The Supreme Court just handed down a landmark decision on the Second Amendment. They determined that the right to keep and bear arms was a right granted by the Constitution to the individual, ,basically claiming that "the right of the people" means the same thing in the Second Amendment as it does in the First Amendment.
The rich irony is that many of the liberals who applauded the Supreme Court for taking an expansive view of the right to habeas corpus (having it extend to non-enemy combatants apprehended on foreign soil) are furious the the Court is taking the more extensive view of the Second Amendment. They are the people who have attacked the Bush administration for using a very narrow interpretation of the Fourth and Sixth Amendment, "in the name of public safety." Yet they are demanding the narrowest possible reading of the Second Amendment also "in the name of public safety."It is perfectly reasonable to have a debate if gun ownership is no longer necessary and/or too dangerous in a modern society. But if we want to completely deny all law abiding citizens the right to keep and bear arms, we need to amend the Constitution. Simply because we would be "safer" if we denied people their Constitutional rights is not a reasonable justification. We would be safer if we allowed the police to search anyone at random, did not let anyone use inflammatory language, and put cameras inside everyone's home. Our freedoms put us in danger but being free is worth the risk.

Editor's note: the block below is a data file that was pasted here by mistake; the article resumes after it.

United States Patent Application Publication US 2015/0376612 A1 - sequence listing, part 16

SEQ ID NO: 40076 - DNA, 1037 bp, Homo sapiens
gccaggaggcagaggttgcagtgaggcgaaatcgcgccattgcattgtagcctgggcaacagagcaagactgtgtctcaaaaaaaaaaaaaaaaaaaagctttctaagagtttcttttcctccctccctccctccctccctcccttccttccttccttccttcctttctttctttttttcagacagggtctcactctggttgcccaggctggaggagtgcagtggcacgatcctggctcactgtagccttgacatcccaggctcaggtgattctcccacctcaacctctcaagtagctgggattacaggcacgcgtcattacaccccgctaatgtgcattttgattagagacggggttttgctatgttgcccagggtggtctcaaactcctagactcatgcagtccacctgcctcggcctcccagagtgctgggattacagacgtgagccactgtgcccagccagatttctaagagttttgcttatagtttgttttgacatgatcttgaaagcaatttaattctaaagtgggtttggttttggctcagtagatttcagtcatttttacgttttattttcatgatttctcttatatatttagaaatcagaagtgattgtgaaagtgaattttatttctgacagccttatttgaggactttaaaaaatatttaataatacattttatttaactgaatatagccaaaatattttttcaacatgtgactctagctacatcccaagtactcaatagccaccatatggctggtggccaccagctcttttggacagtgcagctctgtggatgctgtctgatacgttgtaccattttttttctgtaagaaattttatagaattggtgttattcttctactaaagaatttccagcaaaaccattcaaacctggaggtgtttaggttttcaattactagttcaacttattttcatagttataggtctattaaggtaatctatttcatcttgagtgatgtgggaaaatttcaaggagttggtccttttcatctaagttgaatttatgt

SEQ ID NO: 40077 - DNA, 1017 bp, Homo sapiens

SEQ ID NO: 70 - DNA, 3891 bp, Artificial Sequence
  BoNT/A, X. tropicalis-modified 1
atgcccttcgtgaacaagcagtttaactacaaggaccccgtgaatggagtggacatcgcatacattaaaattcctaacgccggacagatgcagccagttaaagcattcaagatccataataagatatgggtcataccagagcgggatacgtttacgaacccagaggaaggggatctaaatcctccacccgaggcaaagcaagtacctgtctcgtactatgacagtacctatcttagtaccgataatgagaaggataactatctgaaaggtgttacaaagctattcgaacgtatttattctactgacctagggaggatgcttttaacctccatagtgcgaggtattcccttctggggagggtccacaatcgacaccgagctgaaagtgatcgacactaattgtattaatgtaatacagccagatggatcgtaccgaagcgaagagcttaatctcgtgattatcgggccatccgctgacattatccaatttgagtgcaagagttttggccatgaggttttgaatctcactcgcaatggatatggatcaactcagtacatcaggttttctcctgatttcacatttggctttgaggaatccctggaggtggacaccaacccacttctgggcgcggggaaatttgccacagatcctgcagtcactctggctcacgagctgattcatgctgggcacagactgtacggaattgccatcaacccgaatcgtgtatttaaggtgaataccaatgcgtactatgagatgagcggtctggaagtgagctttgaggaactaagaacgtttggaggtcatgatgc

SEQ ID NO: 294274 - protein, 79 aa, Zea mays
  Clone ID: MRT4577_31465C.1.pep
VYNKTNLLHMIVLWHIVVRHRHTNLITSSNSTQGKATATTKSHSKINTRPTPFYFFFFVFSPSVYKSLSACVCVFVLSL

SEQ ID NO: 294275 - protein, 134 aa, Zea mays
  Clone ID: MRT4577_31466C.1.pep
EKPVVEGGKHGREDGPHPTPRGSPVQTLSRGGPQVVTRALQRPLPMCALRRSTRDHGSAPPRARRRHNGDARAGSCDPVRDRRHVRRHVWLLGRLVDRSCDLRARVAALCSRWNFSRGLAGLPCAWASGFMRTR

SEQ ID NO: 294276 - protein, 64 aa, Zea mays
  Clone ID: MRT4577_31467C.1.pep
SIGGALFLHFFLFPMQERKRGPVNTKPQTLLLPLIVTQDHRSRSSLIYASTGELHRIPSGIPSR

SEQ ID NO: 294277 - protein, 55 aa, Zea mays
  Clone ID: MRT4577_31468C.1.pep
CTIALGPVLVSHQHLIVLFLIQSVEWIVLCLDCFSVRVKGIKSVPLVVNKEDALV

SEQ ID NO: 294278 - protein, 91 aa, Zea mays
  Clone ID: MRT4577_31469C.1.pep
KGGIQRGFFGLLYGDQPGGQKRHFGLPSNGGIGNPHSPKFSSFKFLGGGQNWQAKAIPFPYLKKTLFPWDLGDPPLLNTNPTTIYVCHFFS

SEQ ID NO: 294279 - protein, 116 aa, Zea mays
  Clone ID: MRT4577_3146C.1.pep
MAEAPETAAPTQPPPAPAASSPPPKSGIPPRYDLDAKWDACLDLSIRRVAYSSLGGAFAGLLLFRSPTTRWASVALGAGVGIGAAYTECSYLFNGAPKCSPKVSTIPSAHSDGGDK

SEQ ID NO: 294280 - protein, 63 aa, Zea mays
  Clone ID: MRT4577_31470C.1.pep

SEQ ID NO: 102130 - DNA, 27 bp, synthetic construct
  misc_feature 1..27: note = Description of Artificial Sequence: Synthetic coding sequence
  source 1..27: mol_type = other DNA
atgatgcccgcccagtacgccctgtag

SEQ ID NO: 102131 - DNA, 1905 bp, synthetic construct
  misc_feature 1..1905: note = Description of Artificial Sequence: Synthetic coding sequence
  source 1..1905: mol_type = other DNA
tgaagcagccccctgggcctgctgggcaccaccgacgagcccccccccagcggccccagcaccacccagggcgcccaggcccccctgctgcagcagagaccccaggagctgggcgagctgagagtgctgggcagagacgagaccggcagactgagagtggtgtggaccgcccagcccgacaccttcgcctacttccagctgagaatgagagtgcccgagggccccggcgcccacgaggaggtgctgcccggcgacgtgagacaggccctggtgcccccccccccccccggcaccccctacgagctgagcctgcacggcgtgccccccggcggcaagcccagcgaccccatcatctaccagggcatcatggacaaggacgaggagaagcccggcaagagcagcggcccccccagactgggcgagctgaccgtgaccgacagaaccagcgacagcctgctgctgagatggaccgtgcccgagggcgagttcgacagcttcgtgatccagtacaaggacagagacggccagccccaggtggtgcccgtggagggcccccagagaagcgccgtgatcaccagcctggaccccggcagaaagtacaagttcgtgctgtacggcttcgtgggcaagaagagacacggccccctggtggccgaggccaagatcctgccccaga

Freedoms are hard to gain and easy to lose. That is why we should look with suspicion at anyone who wants a very narrow interpretation of our Constitutional rights, whether those rights are laid out in the Fourth, Sixth, or the Second Amendment.